Dan Shaper, bachelor, translator for the San Francisco courts, is a man who has worn the same raincoat for fifteen years, eats the same breakfast in the same coffeeshop every morning, occasionally sees a few long-time men friends and vaguely regrets a handful of former women lovers. In the sixties and seventies, Shaper was where the action was, (San Francisco, where else?) and joined in the festivities, if moderately. But that was a long time ago.
There are those who have drug flashbacks, even years after they've been using. Shaper has escaped those, thanks to his moderation. But into his relatively Spartan life now comes a flashback of another kind - a nineteen-year-old daughter whose existence he never suspected. Her mother was an overnight acquaintance whom with some effort he manages, barely, to recall. The daughter's name is Amanda, and her phone call sends Shaper's drab-gray existence into dazzling Technicolor.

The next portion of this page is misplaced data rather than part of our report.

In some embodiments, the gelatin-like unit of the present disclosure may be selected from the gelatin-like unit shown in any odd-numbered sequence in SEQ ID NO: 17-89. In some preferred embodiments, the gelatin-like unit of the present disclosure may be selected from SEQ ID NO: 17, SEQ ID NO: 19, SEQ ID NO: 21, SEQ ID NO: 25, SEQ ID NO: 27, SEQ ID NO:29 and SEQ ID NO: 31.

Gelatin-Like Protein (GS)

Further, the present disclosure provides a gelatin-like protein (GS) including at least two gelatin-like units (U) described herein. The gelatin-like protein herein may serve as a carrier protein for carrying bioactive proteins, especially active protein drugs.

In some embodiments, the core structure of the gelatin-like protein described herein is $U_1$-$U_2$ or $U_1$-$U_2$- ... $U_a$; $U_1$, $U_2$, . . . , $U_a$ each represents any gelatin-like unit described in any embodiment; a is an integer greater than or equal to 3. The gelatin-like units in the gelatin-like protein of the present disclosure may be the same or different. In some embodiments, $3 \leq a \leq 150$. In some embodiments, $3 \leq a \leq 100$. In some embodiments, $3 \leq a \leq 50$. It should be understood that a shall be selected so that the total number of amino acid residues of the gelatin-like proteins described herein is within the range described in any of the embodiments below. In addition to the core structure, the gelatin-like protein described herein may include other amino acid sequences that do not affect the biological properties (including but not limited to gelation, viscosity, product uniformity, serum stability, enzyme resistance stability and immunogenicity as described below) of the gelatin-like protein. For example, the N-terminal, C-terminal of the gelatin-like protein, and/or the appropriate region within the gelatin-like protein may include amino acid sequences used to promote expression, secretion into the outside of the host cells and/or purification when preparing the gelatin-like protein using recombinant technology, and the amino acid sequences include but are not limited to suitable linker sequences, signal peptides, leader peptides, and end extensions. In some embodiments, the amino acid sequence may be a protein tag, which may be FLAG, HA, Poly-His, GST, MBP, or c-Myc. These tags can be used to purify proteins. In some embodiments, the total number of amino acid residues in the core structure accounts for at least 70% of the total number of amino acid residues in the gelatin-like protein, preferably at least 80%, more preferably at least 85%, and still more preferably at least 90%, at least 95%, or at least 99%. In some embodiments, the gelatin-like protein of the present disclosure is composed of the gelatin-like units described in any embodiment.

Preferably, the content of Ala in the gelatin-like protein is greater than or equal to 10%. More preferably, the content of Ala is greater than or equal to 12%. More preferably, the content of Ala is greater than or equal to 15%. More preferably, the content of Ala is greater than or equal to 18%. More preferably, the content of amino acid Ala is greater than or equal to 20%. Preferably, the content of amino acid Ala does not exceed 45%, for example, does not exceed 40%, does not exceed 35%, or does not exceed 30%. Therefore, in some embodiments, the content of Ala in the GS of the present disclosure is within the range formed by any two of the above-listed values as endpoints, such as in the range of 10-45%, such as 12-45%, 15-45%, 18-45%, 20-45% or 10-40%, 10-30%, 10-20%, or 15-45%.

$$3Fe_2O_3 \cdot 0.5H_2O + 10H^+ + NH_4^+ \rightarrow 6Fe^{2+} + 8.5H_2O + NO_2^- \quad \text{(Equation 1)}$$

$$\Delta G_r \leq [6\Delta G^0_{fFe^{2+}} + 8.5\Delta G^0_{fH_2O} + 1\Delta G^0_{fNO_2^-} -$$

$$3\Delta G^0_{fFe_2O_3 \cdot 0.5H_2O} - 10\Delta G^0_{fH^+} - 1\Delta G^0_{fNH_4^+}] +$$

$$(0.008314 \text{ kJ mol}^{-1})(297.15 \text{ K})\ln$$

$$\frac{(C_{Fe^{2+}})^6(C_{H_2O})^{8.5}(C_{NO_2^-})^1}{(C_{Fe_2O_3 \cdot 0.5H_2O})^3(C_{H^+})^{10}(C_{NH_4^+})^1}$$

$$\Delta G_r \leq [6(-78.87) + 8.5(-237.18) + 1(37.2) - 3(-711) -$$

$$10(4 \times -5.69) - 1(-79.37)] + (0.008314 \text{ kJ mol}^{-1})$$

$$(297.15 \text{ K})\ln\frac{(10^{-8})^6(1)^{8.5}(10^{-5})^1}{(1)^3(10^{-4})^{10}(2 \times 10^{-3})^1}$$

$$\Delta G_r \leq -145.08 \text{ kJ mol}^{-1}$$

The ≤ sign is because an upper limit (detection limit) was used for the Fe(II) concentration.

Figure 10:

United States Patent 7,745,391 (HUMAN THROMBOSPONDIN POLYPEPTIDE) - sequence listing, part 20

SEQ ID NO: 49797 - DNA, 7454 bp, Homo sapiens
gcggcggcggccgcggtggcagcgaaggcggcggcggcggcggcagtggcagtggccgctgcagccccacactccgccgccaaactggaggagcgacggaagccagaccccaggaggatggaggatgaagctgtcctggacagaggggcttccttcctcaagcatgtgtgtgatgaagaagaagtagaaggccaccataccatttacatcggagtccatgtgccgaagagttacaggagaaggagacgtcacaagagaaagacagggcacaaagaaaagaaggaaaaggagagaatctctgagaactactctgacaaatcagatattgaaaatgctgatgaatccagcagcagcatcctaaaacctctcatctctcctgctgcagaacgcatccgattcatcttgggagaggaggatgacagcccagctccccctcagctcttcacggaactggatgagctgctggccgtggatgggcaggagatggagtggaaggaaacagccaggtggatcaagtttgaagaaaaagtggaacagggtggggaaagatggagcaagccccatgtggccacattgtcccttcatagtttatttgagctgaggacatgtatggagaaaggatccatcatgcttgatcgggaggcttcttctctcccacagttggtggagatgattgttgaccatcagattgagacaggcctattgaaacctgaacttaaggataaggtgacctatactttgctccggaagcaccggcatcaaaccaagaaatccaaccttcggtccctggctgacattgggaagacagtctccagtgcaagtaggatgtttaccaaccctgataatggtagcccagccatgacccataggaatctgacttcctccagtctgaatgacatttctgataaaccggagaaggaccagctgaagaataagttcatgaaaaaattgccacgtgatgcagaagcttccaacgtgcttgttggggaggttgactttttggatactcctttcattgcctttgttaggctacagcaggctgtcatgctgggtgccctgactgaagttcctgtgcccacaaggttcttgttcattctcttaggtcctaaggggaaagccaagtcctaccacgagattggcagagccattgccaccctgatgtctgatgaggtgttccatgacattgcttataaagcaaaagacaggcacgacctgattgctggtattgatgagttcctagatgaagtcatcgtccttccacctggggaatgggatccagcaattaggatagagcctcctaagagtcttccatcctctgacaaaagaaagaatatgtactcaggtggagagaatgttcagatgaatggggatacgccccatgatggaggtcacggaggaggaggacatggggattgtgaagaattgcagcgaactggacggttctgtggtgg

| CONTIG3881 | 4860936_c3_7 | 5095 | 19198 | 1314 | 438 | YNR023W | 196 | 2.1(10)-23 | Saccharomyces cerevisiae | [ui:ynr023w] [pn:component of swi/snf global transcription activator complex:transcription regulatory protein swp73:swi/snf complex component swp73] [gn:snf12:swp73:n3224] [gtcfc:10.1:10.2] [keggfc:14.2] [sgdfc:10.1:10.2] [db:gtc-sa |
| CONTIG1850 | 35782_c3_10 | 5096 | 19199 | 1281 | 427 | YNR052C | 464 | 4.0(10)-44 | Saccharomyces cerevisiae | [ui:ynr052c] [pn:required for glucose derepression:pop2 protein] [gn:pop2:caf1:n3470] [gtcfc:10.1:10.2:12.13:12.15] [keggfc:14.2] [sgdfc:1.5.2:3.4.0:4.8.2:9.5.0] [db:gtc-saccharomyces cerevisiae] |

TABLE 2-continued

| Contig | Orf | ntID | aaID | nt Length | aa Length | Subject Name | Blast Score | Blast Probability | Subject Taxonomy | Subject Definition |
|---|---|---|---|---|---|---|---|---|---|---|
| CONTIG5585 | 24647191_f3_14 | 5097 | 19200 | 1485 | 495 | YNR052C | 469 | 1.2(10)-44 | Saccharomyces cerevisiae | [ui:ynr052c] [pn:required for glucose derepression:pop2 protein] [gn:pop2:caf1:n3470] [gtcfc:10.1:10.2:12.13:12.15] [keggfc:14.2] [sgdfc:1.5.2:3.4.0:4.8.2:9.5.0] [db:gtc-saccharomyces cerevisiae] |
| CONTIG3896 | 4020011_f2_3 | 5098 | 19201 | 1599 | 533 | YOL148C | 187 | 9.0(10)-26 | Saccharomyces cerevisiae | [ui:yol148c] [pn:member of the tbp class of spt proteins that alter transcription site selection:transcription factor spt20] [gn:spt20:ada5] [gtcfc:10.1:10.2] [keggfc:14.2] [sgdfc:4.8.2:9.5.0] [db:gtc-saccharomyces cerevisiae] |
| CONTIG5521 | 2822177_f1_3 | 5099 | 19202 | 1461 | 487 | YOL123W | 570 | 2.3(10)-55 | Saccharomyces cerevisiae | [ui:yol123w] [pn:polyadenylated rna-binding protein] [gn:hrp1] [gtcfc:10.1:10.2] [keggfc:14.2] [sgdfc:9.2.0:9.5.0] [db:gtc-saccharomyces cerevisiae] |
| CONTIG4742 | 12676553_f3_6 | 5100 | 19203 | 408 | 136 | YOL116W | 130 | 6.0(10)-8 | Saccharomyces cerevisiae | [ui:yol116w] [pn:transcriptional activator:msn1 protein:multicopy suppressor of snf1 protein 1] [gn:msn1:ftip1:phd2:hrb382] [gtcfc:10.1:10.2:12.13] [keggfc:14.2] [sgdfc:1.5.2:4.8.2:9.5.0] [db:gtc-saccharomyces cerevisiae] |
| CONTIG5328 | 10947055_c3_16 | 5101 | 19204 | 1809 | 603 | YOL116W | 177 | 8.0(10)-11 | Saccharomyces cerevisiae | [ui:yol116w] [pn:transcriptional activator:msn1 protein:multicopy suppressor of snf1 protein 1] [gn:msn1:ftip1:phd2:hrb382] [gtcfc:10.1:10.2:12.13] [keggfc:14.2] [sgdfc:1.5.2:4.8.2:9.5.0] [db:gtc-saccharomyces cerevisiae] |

Amanda arrives trailing a motley band of associates: a con man who explains his activities on his gypsy heritage, except that he may not have one; his blatantly seductive daughter; Amanda's boyfriend, D'Wayne, a streetsmart and (usually) genial black giant. The con man owns what he has named The Yerba Buena Foundation, dedicated to helping businessmen relieve stress; his daughter - well, she runs the place, D'Wayne is the house's security man. Others turn up, segueing from various areas of Shaper's life. Amanda, part typical teenager, part young receptacle of ancient wisdom, is currently employed as a "therapist" at the Foundation.
Shaper plunges into this personal mosh pit like a repentant sinner at a river baptism, the shock of his plunge awakening him to the realization that there's more in life than was dreamt of in his philosophy.
Gold has been blessing readers with his contemplation of the human condition for many years. In this novel his lovely humor and deep understanding illuminates how a man walking a barren highway may react when fate suddenly shoves him onto an unpaved, rutted dirt road.